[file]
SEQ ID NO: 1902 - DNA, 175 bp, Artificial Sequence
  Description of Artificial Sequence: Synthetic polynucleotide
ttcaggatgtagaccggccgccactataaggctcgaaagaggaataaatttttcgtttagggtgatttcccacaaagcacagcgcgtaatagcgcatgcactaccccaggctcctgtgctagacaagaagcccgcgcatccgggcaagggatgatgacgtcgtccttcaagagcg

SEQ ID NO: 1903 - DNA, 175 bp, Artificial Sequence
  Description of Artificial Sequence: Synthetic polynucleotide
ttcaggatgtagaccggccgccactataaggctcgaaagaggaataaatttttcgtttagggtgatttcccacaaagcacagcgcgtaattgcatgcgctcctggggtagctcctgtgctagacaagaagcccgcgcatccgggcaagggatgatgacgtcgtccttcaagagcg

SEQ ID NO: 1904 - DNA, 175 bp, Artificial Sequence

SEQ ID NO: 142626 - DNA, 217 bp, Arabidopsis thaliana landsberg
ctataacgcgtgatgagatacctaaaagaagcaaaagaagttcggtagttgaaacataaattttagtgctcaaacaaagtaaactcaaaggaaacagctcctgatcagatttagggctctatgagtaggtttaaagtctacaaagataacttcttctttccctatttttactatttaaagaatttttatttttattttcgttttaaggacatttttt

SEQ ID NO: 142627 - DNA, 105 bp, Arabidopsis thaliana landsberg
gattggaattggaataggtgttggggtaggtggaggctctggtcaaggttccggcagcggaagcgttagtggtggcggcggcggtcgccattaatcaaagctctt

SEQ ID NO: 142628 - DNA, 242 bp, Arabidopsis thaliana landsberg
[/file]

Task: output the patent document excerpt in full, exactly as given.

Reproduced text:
SEQ ID NO: 1902 - DNA, 175 bp, Artificial Sequence
  Description of Artificial Sequence: Synthetic polynucleotide
ttcaggatgtagaccggccgccactataaggctcgaaagaggaataaatttttcgtttagggtgatttcccacaaagcacagcgcgtaatagcgcatgcactaccccaggctcctgtgctagacaagaagcccgcgcatccgggcaagggatgatgacgtcgtccttcaagagcg

SEQ ID NO: 1903 - DNA, 175 bp, Artificial Sequence
  Description of Artificial Sequence: Synthetic polynucleotide
ttcaggatgtagaccggccgccactataaggctcgaaagaggaataaatttttcgtttagggtgatttcccacaaagcacagcgcgtaattgcatgcgctcctggggtagctcctgtgctagacaagaagcccgcgcatccgggcaagggatgatgacgtcgtccttcaagagcg

SEQ ID NO: 1904 - DNA, 175 bp, Artificial Sequence

SEQ ID NO: 142626 - DNA, 217 bp, Arabidopsis thaliana landsberg
ctataacgcgtgatgagatacctaaaagaagcaaaagaagttcggtagttgaaacataaattttagtgctcaaacaaagtaaactcaaaggaaacagctcctgatcagatttagggctctatgagtaggtttaaagtctacaaagataacttcttctttccctatttttactatttaaagaatttttatttttattttcgttttaaggacatttttt

SEQ ID NO: 142627 - DNA, 105 bp, Arabidopsis thaliana landsberg
gattggaattggaataggtgttggggtaggtggaggctctggtcaaggttccggcagcggaagcgttagtggtggcggcggcggtcgccattaatcaaagctctt

SEQ ID NO: 142628 - DNA, 242 bp, Arabidopsis thaliana landsberg